The Blinding Knife is the second entry in Brent Weeks’ Lightbringer series which began with The Black Prism two years ago, in August 2010. Having set out of write a piece of epic fantasy with an intricate (and flashy) magic system, grand action, yet very human characters, Weeks’ had impressed at least this reader with his flair for entertaining storytelling. This second volume sees him stick to much the same formula, with increased interest in character development, but not less thrills and magic – one could say a more mature version of its predecessor.


Gavin Guile is dying.

He’d thought he had five years left – now he has less than one. With fifty thousand refugees, a bastard son, and an ex-fiancée whom may have learned his darkest secret, Gavin has problems on every side. All magic in the world is running wild and threatens to destroy the Seven Satrapies. Worst of all, the old gods are being reborn, and their army of color wights is unstoppable.

The only salvation may be the brother whose freedom and life Gavin stole sixteen years ago.
The Blinding Knife picks mere instants after the conclusion of The Black Prism, with the main character, Gavin, still reeling from the repercussions of the Battle of Garriston which concluded the first novel. From there, the novel takes a bit of time to get properly started. One of the consequences of the direct continuation of the story is that Weeks must take the time to settle elements of the first book before he can start telling the story of the second. It is only when Kip (the other central character) enters the Chromeria – the institution which instructs drafters in their use of colored Luxin – that it begins to feel as if we’ve started reading the second book.

From then on, momentum builds fairly quickly, and events began unfolding at an endearing pace. The ‘student at a magical school’ storyline is a staple of fantasy, yet almost never fails to be compelling. This is so in The Blinding Knife, and many of the scenes which pit Kip against his fellow students, or his navigation of the difficult school politics, eventually stood out as some of the finest in the novel. The chapters featuring Gavin, who spends most of the novel darting from place to place in the Seven Satrapies, balance the Chromeria side of the book.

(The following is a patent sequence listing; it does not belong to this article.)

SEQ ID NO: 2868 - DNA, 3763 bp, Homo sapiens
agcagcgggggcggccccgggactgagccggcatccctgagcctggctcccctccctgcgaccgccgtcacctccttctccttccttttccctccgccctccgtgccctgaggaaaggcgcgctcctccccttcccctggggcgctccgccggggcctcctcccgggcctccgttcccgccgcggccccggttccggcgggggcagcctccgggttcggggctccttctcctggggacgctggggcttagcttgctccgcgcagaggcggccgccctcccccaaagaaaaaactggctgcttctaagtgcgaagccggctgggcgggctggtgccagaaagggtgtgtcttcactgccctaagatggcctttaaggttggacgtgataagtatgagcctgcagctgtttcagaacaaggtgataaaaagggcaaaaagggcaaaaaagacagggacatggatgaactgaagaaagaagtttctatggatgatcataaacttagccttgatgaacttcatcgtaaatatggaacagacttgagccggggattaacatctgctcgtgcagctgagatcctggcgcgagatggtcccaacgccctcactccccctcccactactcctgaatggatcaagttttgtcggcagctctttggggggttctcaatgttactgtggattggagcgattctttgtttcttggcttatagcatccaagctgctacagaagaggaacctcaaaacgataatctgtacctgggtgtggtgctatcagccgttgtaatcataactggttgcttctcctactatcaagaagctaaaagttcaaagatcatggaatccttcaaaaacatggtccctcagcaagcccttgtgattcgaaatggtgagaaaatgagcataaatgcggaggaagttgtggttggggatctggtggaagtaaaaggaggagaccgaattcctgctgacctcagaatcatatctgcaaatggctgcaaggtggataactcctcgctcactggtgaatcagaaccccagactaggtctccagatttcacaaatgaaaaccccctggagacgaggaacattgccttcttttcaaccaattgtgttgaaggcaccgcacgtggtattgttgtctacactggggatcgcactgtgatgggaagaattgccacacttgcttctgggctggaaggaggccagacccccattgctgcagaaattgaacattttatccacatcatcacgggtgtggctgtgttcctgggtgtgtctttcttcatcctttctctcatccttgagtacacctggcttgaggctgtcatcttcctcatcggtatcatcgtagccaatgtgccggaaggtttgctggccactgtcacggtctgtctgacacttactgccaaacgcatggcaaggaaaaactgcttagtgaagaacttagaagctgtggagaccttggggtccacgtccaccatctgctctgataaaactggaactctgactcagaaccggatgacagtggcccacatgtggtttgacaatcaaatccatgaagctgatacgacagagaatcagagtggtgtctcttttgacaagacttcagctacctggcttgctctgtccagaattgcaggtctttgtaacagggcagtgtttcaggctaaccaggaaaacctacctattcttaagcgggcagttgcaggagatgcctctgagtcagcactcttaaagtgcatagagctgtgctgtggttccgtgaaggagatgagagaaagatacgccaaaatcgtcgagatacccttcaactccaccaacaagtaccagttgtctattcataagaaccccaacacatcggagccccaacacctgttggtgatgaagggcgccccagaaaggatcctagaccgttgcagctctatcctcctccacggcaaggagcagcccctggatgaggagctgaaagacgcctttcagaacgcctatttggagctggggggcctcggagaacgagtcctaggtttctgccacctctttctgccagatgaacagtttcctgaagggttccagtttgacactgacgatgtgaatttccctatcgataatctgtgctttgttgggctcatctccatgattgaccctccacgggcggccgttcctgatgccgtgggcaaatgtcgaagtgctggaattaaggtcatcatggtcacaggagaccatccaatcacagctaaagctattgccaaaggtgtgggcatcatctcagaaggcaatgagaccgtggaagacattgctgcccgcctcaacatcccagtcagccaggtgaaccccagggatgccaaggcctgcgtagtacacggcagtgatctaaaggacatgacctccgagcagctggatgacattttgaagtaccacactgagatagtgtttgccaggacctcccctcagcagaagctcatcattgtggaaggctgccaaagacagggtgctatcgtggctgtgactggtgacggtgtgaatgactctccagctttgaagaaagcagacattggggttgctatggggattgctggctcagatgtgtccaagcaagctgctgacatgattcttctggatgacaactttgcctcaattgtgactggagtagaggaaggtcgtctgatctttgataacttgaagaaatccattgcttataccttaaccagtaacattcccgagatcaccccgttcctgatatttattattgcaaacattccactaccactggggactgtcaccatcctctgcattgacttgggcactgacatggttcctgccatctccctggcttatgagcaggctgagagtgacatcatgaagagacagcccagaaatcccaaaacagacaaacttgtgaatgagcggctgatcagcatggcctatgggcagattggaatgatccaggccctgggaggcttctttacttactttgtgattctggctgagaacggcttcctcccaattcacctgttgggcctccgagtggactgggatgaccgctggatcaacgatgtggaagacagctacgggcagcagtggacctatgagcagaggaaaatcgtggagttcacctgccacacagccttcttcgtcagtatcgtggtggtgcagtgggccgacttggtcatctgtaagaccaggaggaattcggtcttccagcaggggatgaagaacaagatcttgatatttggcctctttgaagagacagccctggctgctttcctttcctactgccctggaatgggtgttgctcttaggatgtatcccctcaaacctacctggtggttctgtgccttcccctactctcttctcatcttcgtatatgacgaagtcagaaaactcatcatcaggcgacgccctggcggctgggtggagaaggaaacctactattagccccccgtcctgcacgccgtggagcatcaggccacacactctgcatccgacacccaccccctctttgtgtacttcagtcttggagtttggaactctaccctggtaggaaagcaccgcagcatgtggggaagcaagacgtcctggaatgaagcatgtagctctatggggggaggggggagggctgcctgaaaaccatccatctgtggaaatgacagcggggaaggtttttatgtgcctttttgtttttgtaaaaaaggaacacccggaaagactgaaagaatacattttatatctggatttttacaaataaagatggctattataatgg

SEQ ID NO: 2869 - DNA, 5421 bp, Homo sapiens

Interspersed through these two points of views are a number of others from minor characters which are mostly used to foreshadow elements of the overaching plot.
Weeks’ efforts to construct a complex narrative with these minor points of view are admirable, but these interruptions ultimately detract from the central story. Where he does succeed is with the introduction of new characters, namely Teia, who also gets her own point of view. Her character changed the dynamic of the otherwise male-heavy (and Guile-heavy) perspectives.

Weeks also takes the time in The Blinding Knife to indulge in the exploration of moral quandaries, philosophical musings, ponderings on life, or what have you. Indeed, there is a strong sub-textual discussion of social issues. Though they are a bit conspicuous and not quite well enough integrated into the narrative, it layers the narrative, and gives the reading experience some added value. No book is written in a vacuum and it’s appreciated to see it so acknowledged in an epic fantasy. I don’t pretend to know to what degree (or if at all) the book reflects Weeks’ own personal opinions, and neither is that important. I simply applaud him for taking the time venture into this dimension of storytelling.

Another he’s got down pat is characterization. I remember from The Black Prism some unnerving inconsistencies with Gavin’s personality. His motivations, what drove him to do the things he did or had done, didn’t add up. Something was off about his character. Thankfully, The Blinding Knife showcases a Brent Weeks which has improved on his past faults. Both Gavin and Kip are fine examples of the good characterization to be found throughout the novel. There’s a depth to their personalities, and realism to their interactions with other characters which wasn’t previously present, but is now.

Sophomore novels in a series can often be difficult. Following up on a successful beginning to a new series is often a challenge, but Brent Weeks succeeded marvelously merely by improving on what he had done in The Black Prism. Solid characters, an imaginative magic system and eye for what makes good fantasy entertainment means Weeks delivers in The Blinding Knife yet another first-rate novel. Fans of the first won’t be disappointed, and those who haven’t yet started Lightbringer should now feel no apprehension that quality diminishes after the first novel. The Blinding Knife is out now from Orbit in the US, UK and Canada.

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